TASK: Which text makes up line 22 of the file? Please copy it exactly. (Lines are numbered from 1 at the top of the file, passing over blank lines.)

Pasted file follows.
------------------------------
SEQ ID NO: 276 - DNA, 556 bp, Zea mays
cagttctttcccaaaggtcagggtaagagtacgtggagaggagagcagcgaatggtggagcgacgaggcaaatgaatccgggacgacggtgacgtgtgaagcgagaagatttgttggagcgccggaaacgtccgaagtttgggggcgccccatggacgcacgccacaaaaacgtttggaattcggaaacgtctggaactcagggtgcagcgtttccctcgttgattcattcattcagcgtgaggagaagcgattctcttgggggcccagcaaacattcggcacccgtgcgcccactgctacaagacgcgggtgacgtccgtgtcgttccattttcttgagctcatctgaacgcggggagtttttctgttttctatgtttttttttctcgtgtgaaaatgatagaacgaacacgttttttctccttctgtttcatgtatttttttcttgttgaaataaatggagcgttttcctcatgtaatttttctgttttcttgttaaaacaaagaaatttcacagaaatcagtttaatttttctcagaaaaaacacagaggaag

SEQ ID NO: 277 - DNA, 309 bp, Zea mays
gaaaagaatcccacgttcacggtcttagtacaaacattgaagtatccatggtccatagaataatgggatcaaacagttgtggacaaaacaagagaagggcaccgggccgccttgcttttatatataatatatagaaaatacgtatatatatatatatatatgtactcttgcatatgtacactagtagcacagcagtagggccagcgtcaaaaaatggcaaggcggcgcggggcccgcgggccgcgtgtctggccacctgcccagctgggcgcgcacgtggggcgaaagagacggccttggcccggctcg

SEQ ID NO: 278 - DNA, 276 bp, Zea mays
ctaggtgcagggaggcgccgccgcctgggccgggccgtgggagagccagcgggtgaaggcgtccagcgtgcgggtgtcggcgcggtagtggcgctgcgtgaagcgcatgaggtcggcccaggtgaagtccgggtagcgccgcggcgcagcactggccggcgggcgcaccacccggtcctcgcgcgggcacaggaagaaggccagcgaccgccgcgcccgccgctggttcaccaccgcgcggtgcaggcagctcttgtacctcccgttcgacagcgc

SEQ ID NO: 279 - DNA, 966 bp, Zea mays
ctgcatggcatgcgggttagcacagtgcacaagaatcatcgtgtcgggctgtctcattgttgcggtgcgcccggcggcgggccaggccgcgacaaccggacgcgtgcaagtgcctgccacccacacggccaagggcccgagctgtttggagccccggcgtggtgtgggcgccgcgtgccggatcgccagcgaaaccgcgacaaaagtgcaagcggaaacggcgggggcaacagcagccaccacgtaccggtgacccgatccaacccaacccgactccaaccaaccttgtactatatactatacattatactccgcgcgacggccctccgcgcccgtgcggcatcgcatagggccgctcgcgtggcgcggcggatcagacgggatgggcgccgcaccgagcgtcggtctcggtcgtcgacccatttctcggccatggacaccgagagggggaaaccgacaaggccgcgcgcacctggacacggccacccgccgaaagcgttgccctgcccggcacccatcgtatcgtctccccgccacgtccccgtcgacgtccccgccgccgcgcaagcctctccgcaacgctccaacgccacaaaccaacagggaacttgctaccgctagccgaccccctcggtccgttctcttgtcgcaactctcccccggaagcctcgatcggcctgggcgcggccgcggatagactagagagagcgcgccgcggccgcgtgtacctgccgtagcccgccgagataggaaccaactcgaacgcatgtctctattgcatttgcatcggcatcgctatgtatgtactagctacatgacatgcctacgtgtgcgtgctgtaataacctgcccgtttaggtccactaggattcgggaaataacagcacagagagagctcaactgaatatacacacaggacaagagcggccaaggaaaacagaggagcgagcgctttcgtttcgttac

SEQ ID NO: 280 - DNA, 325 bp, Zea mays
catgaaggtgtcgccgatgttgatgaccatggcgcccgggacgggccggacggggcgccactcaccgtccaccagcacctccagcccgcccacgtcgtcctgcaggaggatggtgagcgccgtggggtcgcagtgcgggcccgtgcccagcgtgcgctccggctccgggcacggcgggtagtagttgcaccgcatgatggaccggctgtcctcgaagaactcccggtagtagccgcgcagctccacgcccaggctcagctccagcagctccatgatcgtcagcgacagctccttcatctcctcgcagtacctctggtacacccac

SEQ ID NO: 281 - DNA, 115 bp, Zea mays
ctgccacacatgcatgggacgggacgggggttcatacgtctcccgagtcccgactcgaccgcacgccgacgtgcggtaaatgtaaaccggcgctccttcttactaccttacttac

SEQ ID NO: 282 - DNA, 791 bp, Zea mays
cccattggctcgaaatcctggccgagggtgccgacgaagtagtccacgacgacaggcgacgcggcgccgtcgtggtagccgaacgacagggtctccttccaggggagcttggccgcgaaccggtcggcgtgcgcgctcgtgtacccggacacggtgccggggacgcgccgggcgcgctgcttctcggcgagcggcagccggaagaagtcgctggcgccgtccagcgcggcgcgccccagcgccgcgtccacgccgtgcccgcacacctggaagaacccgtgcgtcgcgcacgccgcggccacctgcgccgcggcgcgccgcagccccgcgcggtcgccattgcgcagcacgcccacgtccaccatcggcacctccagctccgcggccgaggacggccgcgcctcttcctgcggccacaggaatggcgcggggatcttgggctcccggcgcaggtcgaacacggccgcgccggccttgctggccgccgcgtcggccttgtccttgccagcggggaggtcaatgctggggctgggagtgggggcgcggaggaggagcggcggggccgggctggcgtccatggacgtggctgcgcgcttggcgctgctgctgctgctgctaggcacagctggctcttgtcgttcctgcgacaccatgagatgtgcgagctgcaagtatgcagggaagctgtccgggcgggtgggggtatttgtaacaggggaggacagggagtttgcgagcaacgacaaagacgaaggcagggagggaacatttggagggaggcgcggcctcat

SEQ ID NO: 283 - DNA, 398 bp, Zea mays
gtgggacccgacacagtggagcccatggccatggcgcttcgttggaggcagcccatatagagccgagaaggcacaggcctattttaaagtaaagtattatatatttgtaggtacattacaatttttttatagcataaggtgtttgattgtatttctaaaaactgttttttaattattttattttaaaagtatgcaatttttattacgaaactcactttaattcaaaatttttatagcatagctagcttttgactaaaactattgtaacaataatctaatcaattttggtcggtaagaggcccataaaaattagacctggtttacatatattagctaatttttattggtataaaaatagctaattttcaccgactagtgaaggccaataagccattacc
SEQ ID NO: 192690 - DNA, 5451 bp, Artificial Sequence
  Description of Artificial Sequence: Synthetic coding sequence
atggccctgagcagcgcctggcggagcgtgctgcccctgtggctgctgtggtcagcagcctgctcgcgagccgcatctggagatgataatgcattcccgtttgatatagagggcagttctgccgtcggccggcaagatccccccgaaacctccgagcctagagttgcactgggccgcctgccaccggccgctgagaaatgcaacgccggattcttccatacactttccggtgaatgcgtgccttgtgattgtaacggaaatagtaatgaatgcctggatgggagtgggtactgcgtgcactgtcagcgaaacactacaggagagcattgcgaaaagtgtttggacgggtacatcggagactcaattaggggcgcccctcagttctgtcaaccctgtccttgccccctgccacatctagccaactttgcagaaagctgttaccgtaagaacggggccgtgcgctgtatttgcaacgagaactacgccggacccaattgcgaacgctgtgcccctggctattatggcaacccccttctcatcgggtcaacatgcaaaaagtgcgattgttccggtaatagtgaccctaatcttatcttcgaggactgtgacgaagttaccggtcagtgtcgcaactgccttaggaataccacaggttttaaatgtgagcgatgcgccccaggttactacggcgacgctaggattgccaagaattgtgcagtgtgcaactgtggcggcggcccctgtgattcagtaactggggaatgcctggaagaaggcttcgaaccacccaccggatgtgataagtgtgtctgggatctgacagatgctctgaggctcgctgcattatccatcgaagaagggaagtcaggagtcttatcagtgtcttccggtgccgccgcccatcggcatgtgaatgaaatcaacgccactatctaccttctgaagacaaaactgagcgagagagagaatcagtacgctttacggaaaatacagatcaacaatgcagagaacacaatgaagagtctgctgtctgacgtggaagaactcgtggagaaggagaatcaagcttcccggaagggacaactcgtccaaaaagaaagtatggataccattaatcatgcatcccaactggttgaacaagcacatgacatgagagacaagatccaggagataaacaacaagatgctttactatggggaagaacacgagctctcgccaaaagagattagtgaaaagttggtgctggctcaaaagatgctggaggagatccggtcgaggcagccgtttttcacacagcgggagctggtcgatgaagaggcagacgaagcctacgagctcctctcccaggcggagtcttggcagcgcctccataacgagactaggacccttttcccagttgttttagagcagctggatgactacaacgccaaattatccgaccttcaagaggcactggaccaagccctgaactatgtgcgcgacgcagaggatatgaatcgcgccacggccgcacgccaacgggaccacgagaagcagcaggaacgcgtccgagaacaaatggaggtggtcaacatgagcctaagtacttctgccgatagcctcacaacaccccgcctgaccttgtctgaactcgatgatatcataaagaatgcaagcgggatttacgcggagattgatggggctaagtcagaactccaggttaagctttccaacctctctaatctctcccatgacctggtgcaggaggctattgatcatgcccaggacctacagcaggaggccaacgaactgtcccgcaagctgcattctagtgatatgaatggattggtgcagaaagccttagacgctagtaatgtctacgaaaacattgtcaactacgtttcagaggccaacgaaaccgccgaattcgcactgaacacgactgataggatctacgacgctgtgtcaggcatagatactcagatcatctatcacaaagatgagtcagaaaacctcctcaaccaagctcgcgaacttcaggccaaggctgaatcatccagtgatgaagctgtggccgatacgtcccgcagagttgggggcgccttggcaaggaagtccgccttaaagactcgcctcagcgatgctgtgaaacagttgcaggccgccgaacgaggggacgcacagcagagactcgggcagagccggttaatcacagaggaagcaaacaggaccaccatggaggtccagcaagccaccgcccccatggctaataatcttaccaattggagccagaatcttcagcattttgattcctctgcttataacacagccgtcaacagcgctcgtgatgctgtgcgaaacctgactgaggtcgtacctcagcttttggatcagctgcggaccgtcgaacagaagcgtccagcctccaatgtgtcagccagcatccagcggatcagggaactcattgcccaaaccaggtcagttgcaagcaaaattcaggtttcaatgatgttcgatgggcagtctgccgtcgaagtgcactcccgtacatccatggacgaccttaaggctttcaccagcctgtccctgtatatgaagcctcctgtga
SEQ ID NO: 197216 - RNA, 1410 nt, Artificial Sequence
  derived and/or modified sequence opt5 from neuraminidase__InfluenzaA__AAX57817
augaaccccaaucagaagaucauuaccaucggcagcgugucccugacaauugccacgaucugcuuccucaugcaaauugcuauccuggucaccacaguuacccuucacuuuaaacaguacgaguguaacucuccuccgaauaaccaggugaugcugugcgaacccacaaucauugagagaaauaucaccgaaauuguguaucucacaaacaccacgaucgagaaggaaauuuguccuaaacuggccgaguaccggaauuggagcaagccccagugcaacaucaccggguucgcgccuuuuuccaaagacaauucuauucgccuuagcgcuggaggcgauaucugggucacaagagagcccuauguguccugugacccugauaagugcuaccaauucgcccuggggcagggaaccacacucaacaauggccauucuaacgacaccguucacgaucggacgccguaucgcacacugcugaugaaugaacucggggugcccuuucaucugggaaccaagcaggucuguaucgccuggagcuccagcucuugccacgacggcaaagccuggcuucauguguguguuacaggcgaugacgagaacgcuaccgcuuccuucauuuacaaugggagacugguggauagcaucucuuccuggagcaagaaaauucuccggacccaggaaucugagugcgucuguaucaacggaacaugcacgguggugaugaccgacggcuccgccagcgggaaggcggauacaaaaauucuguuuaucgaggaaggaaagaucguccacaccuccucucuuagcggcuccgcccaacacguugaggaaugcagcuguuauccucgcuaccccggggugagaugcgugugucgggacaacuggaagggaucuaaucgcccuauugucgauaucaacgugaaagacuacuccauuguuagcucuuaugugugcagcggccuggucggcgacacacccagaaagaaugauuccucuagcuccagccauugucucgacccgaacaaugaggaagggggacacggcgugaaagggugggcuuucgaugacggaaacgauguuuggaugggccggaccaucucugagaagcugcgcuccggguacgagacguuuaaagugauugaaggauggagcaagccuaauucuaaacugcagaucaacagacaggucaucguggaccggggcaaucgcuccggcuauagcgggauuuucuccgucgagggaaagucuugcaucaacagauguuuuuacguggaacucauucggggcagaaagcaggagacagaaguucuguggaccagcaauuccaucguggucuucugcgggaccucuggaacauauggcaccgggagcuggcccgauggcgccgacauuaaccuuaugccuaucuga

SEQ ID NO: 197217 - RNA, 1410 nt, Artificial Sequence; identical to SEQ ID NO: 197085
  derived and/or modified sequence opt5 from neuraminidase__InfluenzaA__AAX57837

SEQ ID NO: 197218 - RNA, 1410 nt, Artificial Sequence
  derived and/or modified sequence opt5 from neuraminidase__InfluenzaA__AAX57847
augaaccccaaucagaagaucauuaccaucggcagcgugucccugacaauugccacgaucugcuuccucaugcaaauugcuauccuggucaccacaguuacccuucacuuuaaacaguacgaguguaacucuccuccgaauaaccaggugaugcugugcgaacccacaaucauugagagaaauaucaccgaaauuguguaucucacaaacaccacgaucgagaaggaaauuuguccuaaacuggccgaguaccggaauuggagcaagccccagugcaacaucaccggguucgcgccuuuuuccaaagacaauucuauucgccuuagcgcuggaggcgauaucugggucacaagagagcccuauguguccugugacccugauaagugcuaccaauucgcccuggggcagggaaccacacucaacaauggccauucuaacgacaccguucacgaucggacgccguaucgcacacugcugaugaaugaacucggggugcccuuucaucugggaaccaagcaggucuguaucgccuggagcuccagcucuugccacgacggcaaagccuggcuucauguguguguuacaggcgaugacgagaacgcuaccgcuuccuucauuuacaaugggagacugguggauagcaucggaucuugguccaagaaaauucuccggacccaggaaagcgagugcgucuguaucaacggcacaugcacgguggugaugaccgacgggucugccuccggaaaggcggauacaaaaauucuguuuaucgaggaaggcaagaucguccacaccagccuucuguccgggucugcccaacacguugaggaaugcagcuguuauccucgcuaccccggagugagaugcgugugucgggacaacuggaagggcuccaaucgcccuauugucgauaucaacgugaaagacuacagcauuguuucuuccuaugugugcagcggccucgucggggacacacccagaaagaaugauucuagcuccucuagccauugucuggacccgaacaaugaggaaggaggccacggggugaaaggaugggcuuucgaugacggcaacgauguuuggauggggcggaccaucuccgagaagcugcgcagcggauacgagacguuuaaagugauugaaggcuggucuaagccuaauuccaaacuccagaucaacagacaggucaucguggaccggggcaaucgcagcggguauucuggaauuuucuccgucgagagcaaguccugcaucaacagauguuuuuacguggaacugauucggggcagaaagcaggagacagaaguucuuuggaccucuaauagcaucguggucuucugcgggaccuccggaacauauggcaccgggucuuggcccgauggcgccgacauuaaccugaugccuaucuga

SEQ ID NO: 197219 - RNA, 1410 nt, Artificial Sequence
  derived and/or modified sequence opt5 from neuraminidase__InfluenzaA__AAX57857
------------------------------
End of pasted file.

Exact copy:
augaaccccaaucagaagaucauuaccaucggcagcgugucccugacaauugccacgaucugcuuccucaugcaaauugcuauccuggucaccacaguuacccuucacuuuaaacaguacgaguguaacucuccuccgaauaaccaggugaugcugugcgaacccacaaucauugagagaaauaucaccgaaauuguguaucucacaaacaccacgaucgagaaggaaauuuguccuaaacuggccgaguaccggaauuggagcaagccccagugcaacaucaccggguucgcgccuuuuuccaaagacaauucuauucgccuuagcgcuggaggcgauaucugggucacaagagagcccuauguguccugugacccugauaagugcuaccaauucgcccuggggcagggaaccacacucaacaauggccauucuaacgacaccguucacgaucggacgccguaucgcacacugcugaugaaugaacucggggugcccuuucaucugggaaccaagcaggucuguaucgccuggagcuccagcucuugccacgacggcaaagccuggcuucauguguguguuacaggcgaugacgagaacgcuaccgcuuccuucauuuacaaugggagacugguggauagcaucucuuccuggagcaagaaaauucuccggacccaggaaucugagugcgucuguaucaacggaacaugcacgguggugaugaccgacggcuccgccagcgggaaggcggauacaaaaauucuguuuaucgaggaaggaaagaucguccacaccuccucucuuagcggcuccgcccaacacguugaggaaugcagcuguuauccucgcuaccccggggugagaugcgugugucgggacaacuggaagggaucuaaucgcccuauugucgauaucaacgugaaagacuacuccauuguuagcucuuaugugugcagcggccuggucggcgacacacccagaaagaaugauuccucuagcuccagccauugucucgacccgaacaaugaggaagggggacacggcgugaaagggugggcuuucgaugacggaaacgauguuuggaugggccggaccaucucugagaagcugcgcuccggguacgagacguuuaaagugauugaaggauggagcaagccuaauucuaaacugcagaucaacagacaggucaucguggaccggggcaaucgcuccggcuauagcgggauuuucuccgucgagggaaagucuugcaucaacagauguuuuuacguggaacucauucggggcagaaagcaggagacagaaguucuguggaccagcaauuccaucguggucuucugcgggaccucuggaacauauggcaccgggagcuggcccgauggcgccgacauuaaccuuaugccuaucuga